9 Grammatical Pitfalls


[dih-sep-tiv] /dɪˈsɛp tɪv/
apt or tending to deceive:
The enemy's peaceful overtures may be deceptive.
perceptually misleading:
It looks like a curved line, but it's deceptive.
Origin of deceptive
1605-15; < Medieval Latin dēceptīvus, equivalent to Latin dēcept(us) (see deception) + -īvus -ive
Related forms
deceptively, adverb
deceptiveness, noun
nondeceptive, adjective
nondeceptively, adverb
nondeceptiveness, noun
undeceptive, adjective
undeceptively, adverb
undeceptiveness, noun
1. delusive, fallacious, specious. Unabridged
Based on the Random House Dictionary, © Random House, Inc. 2015.
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Examples from the web for deceptive
  • From the beginning, deceptive research yielded rich scientific rewards.
  • But appearances and rhetoric may be a little deceptive.
  • My family's lines prove that skin color is deceptive and that race is a social, not a biological, construct.
  • Many species have developed deceptive appearances to fool would-be predators by taking on the look of other unpalatable species.
  • And so, as with other businesses, the chances of deceptive ads have increased.
  • Increasing the size of the pool is not an excuse for a deceptive job description.
  • Although all the countries seem stable for now, the calm is deceptive.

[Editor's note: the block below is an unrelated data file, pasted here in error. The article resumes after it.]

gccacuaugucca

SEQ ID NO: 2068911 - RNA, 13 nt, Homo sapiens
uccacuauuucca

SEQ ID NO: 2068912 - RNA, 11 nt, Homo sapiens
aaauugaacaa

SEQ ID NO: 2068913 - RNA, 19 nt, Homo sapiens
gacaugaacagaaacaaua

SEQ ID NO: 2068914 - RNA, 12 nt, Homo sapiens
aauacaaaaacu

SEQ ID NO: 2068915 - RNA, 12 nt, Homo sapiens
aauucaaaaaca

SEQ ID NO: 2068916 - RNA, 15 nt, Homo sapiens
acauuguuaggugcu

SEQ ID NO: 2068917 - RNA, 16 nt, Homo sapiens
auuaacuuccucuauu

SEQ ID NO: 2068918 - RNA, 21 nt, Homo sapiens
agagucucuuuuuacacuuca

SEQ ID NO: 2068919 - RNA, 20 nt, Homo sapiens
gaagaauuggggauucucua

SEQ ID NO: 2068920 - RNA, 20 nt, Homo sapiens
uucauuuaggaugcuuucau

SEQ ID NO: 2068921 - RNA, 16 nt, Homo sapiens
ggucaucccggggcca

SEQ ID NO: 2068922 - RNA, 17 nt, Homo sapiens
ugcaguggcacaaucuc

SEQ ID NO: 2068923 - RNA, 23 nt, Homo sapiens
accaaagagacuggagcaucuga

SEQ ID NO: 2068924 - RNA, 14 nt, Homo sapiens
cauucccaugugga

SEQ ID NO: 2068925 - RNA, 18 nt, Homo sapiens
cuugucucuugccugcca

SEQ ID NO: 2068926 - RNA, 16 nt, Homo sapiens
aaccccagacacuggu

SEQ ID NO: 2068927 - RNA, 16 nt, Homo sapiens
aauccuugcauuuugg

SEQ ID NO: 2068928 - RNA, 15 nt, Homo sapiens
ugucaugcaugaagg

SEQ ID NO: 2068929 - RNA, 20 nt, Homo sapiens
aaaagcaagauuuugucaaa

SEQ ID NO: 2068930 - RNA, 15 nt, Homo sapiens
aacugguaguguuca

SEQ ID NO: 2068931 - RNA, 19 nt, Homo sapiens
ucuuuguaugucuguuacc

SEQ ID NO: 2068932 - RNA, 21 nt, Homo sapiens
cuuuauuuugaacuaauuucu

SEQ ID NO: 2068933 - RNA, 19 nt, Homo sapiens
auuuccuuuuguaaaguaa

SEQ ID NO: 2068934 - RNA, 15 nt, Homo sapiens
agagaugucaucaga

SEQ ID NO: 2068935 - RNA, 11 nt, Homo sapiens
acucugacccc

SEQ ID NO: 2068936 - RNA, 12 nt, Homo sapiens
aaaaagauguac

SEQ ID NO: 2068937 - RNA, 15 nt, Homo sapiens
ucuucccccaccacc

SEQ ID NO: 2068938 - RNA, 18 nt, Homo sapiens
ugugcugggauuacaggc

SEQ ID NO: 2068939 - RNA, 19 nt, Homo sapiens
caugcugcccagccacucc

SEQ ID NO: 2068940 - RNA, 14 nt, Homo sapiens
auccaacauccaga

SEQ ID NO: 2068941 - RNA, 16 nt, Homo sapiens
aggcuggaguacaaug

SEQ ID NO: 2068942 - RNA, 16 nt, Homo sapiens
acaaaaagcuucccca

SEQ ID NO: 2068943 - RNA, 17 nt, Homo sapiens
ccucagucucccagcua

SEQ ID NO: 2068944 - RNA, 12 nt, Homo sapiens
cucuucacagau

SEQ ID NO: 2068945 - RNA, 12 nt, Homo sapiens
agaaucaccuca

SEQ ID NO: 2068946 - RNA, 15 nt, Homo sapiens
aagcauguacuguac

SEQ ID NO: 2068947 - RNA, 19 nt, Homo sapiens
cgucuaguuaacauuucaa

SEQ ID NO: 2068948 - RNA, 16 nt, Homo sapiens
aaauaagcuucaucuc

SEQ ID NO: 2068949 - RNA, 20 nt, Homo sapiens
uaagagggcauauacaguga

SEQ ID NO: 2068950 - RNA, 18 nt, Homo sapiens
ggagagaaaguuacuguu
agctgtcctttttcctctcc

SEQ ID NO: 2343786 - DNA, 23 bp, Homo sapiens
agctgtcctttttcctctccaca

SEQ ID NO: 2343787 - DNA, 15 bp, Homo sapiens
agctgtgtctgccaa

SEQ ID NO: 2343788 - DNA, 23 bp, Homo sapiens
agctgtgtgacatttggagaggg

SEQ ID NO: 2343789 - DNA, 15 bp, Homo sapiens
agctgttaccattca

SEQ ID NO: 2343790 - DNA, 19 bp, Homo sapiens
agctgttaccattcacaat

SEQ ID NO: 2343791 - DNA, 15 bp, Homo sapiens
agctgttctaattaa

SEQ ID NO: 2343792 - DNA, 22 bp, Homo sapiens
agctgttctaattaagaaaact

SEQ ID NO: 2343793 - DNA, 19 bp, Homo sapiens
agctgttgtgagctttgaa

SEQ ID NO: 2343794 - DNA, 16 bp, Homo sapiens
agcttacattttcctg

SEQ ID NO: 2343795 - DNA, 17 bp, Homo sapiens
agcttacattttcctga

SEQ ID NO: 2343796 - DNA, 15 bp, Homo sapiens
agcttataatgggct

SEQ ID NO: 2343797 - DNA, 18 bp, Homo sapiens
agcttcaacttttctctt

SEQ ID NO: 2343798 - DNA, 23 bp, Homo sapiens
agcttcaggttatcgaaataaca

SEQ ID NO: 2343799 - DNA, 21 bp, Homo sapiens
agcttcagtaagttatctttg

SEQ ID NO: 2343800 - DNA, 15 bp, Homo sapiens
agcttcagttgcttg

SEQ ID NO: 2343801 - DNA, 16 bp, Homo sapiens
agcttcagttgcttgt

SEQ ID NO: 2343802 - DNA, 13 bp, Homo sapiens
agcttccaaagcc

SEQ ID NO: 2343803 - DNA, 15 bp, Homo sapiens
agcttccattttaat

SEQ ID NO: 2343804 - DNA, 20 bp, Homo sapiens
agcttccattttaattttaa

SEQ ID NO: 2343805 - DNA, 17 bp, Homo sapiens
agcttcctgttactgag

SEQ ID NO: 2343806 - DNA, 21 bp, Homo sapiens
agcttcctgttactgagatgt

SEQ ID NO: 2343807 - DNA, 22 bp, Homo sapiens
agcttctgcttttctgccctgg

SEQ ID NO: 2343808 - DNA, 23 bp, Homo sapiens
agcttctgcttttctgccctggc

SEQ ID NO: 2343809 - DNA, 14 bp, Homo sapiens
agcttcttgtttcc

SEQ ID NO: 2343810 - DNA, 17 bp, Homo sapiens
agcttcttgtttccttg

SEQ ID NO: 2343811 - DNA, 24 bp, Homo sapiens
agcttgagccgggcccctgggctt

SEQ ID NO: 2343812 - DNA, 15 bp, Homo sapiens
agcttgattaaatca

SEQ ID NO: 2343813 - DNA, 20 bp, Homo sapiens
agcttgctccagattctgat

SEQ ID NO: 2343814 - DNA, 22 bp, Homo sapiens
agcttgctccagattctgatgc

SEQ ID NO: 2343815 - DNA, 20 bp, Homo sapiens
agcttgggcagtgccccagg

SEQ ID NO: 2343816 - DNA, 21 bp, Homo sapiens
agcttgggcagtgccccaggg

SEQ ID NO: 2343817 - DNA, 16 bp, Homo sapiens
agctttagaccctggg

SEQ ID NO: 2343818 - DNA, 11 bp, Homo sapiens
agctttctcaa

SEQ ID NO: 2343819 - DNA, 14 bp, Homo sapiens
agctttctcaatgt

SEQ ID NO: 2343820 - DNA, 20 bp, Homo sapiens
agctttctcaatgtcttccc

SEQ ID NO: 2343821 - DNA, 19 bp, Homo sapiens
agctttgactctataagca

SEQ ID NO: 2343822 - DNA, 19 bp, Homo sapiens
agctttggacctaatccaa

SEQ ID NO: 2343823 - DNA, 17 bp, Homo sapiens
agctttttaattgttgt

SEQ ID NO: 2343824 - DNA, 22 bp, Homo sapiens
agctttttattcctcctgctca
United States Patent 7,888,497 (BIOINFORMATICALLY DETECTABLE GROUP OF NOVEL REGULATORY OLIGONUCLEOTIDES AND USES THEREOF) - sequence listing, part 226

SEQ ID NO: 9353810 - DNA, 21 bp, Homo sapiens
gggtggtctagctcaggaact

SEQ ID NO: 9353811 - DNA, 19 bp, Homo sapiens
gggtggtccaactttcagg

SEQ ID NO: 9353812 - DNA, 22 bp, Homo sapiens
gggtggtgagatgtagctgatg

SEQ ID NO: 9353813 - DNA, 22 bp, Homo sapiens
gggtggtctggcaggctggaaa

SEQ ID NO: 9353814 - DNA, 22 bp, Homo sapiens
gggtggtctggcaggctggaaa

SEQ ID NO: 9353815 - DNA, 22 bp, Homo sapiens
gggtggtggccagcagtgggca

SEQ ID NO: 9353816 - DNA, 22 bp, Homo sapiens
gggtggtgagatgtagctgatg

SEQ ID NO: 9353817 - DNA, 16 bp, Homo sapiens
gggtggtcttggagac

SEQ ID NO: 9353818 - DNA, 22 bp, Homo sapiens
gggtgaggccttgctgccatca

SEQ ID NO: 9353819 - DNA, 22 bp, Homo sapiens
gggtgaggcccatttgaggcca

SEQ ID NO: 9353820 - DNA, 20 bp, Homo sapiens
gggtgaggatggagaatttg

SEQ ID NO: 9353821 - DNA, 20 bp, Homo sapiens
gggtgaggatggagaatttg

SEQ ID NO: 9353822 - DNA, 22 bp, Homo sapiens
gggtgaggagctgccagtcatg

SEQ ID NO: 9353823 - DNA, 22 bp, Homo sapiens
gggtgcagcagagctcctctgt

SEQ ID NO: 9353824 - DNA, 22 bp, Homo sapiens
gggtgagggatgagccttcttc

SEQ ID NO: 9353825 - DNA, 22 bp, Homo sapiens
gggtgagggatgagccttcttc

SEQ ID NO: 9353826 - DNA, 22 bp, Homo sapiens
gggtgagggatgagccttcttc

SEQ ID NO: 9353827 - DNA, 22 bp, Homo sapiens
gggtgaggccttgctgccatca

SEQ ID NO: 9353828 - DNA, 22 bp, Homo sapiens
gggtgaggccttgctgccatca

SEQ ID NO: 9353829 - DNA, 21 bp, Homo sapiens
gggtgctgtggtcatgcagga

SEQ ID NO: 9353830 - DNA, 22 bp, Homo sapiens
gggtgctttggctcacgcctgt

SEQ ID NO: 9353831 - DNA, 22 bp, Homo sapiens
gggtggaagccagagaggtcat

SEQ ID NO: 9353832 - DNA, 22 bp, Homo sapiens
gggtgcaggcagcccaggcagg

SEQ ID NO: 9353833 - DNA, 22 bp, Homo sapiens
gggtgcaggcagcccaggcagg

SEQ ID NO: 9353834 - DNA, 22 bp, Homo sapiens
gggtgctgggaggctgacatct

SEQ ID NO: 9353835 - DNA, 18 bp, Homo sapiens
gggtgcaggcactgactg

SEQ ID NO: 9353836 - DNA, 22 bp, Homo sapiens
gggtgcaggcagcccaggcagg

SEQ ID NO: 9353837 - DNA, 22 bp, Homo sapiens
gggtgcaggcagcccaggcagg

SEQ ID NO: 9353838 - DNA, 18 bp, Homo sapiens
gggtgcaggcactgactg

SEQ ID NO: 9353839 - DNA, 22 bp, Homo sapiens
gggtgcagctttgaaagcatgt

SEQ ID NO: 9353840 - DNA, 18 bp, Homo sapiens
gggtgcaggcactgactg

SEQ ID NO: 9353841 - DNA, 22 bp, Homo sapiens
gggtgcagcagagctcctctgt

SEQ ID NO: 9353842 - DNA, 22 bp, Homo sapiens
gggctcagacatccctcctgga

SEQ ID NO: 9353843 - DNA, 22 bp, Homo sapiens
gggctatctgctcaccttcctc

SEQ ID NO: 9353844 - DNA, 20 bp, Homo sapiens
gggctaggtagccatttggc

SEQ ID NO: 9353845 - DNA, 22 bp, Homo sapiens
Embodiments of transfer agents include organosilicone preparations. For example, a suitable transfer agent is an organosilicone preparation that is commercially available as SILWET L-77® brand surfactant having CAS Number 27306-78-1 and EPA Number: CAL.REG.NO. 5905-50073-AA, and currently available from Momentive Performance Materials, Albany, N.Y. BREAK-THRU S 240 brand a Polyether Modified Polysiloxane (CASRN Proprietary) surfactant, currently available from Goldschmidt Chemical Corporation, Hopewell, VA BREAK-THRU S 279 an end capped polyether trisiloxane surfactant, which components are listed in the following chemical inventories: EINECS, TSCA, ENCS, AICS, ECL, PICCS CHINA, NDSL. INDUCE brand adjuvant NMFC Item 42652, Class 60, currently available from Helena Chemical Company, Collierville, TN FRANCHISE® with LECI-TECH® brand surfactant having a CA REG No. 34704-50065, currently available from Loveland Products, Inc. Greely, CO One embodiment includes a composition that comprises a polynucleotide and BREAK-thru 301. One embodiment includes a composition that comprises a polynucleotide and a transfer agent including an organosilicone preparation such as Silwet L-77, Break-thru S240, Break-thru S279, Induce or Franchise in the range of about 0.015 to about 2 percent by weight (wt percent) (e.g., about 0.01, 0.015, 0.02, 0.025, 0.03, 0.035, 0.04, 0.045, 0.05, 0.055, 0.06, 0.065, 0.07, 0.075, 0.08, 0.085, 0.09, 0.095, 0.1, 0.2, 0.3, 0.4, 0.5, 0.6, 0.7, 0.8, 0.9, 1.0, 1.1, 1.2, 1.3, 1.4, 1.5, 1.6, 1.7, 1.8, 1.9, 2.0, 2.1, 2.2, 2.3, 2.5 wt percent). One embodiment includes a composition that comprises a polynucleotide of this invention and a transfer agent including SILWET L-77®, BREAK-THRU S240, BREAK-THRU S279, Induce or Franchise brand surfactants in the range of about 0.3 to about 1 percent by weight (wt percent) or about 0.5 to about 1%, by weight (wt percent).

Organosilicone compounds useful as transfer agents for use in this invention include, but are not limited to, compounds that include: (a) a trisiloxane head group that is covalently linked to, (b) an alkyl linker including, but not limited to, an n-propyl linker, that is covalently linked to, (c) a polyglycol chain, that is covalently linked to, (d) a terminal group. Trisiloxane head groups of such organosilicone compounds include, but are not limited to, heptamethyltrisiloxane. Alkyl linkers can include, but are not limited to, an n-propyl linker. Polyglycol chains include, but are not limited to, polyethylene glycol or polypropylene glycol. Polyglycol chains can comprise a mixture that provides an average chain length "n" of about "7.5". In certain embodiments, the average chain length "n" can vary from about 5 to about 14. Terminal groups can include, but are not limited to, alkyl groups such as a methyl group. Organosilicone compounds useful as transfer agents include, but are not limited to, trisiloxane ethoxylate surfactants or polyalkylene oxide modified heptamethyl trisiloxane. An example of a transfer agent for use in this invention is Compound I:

• Often advertising claims are confusing or downright deceptive.
  • Hide the decline is not simply about a deceptive elimination of some inconvenient data.
  • Through deceptive marketing techniques, they've turned this requirement into a multimillion-dollar business.
British Dictionary definitions for deceptive


likely or designed to deceive; misleading: appearances can be deceptive
(music) (of a cadence) another word for interrupted (sense 3)
Derived Forms
deceptively, adverb
deceptiveness, noun
Collins English Dictionary - Complete & Unabridged 2012 Digital Edition
© William Collins Sons & Co. Ltd. 1979, 1986 © HarperCollins
Publishers 1998, 2000, 2003, 2005, 2006, 2007, 2009, 2012
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Word Origin and History for deceptive

1610s, from French deceptif (late 14c.), from Medieval Latin deceptivus, from decept-, past participle stem of Latin decipere (see deceive). Earlier in this sense was deceptious (c.1600), from French deceptieux, from Medieval Latin deceptiosus, from deceptionem. Related: Deceptively; deceptiveness.

Online Etymology Dictionary, © 2010 Douglas Harper
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